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Stamkos lights the lamp

by John Kreiser / NHL.com
A few thoughts as we await Alex Ovechkin's return from Russia — and offer our best to his ailing grandfather.

Worth the wait — Steven Stamkos waited eight games for his first NHL goal. A few more minutes wasn't going to matter.

The No. 1 pick in the NHL Entry Draft last June finally got his first NHL point, an assist, in Tampa Bay's 3-2 win at Toronto on Tuesday. Two nights later, he deflected Vincent Lecavalier's shot into the net 9:51 into the Lightning's game at Buffalo for his first NHL goal — though he had to wait until the end of the first period to get credit for it.

During the first intermission, the officials took the goal away from Lecavalier and credited it to Stamkos.

"I knew it hit my stick right from the beginning, and Vinny knew that too, so it was just a matter of them correcting it," Stamkos said. "I had some butterflies when they announced Vinny as the goal scorer, but he told the ref that I tipped it in. It was obviously a great feeling when they corrected it."

Lecavalier even made sure the 18-year-old center got the correct puck to commemorate the occasion.

''I went over right away and told them,'' Lecavalier said. ''It's a relief getting your first goal. He played an unbelievable game tonight."

With the pressure of getting goal No. 1 gone, Stamkos added another goal and an assist in Tampa Bay's 5-2 win over the Sabres. The second goal came 15 minutes into the second period on a slap shot from the top of the right circle that beat goaltender Ryan Miller.

"Everybody loves the kid and they know what he had been going through," Lightning coach Barry Melrose said of Stamkos. "They really rallied around the guy."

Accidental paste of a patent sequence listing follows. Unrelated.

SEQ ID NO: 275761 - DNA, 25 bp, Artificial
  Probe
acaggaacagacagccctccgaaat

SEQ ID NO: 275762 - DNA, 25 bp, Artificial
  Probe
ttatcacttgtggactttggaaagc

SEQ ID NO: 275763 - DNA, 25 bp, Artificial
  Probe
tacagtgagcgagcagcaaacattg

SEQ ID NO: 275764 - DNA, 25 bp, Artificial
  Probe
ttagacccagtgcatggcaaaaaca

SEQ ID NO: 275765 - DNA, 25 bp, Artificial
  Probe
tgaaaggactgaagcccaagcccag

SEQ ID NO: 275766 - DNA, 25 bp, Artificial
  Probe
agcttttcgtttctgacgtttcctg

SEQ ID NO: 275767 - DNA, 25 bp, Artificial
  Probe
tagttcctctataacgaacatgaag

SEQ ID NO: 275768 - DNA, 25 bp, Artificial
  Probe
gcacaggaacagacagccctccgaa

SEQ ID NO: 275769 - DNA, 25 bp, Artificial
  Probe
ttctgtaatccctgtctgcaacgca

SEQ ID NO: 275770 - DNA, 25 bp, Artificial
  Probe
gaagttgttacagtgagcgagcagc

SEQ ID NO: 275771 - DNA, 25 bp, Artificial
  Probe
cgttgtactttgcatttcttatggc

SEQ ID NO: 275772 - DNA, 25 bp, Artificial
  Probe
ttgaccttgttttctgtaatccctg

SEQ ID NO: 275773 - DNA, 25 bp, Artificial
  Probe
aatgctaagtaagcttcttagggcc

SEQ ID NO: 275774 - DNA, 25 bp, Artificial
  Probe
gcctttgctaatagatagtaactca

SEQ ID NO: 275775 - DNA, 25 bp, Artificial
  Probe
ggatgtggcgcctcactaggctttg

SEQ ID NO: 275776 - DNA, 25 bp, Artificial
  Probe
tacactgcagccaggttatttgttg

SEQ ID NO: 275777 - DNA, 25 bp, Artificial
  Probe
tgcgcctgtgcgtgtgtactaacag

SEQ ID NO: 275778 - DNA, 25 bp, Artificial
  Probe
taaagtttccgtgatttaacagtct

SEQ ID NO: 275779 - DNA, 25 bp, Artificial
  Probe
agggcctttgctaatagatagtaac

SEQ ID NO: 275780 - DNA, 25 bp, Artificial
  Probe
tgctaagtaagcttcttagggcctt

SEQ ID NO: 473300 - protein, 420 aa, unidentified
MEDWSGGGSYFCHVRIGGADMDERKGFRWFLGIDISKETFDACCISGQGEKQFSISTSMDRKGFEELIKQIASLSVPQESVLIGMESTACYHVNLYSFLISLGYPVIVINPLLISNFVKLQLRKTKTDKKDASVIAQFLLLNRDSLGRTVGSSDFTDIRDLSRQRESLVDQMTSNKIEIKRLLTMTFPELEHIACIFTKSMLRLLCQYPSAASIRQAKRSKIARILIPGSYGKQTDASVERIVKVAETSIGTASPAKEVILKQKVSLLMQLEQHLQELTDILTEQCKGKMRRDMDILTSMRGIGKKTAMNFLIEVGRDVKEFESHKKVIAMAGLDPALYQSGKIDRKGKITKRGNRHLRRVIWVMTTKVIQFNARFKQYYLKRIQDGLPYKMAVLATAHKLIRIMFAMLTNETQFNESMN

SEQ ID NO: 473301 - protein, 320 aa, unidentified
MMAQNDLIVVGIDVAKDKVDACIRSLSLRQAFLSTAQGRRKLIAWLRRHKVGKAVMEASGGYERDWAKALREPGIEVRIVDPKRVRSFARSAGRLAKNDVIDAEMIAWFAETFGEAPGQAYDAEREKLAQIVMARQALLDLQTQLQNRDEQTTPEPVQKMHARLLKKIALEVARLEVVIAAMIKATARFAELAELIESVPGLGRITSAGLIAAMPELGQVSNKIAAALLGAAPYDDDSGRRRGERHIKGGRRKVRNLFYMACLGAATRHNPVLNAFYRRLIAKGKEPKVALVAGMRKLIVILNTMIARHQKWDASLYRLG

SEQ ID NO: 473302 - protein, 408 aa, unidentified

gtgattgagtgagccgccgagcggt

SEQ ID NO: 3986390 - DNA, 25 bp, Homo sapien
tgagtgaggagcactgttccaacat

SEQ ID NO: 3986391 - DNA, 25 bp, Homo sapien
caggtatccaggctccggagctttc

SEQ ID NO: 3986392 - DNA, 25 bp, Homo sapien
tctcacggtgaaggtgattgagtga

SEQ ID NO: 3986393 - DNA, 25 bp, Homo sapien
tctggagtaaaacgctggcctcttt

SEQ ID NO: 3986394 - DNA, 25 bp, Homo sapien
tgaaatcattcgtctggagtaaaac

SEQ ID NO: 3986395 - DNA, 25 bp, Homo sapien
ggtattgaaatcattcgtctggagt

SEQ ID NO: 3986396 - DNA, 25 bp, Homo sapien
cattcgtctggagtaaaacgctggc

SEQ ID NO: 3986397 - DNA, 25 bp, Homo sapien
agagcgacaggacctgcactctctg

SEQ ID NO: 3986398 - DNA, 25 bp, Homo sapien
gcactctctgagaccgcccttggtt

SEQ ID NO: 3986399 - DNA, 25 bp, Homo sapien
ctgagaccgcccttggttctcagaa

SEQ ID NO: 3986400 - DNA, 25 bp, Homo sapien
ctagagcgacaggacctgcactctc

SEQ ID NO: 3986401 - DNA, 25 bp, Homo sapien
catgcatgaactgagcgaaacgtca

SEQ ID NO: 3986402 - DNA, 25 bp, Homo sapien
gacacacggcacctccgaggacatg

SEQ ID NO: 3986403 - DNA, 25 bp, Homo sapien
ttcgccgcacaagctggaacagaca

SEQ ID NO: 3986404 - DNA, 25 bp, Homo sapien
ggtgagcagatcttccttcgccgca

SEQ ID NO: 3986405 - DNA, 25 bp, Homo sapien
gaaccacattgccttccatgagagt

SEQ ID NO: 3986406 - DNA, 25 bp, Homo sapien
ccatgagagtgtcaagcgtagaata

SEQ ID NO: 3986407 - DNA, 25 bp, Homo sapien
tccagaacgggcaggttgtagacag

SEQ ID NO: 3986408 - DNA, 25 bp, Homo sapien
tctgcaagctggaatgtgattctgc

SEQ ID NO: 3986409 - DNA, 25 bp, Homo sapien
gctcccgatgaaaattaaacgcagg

Silent Sid — Sidney Crosby knows he left the Penguins' 4-1 loss to Phoenix in the third period with an injury. What he doesn't know is how he got hurt.

"Honestly, I don't even know what happened," said Crosby, who sat and watched the third period. "I have to look at the tape. I haven't seen anything yet."

What happened to Crosby is unclear. Television replays showed Crosby skate to the Penguins bench, sit down with a grimace and try to collect himself.

Per team policy, the Penguins did not disclose details of Crosby's injury. Neither did Crosby.

"I had some discomfort," he said. "I decided that in the third period, it didn't seem like I could do much."

With or without Crosby, the Penguins aren't doing much offensively. They had only 11 shots on goal in a 2-1 loss at San Jose on Tuesday, then managed just two shots in the opening period against the Coyotes.

They did get 18 shots and a goal by Miroslav Satan in the second period, but couldn't get anything else past Ilya Bryzgalov.

Crosby blamed the Penguins' struggling offense "more urgency and (the Penguins') attitude for wanting the puck."

"I don't think it has anything to do with the system," Crosby said. "I think it has more to do with urgency. It takes more than a system to do that."

Having Crosby back in the lineup for Saturday's game at St. Louis would also help.

Fastest start — Every team wants to get off to a good start. The New York Rangers are off to a historic one.

The Rangers' 3-2 win over Atlanta gave the Blueshirts a 10-2-1 record, the most wins and best mark after 13 games since the franchise entered the NHL in 1926.

"Our biggest goal was to get off to a good start," captain Chris Drury said. "We had a rough start last year and then had to battle all year to kind of shake that bad start. This just shows the commitment and focus that the guys have put in. This is the start we wanted to get off to."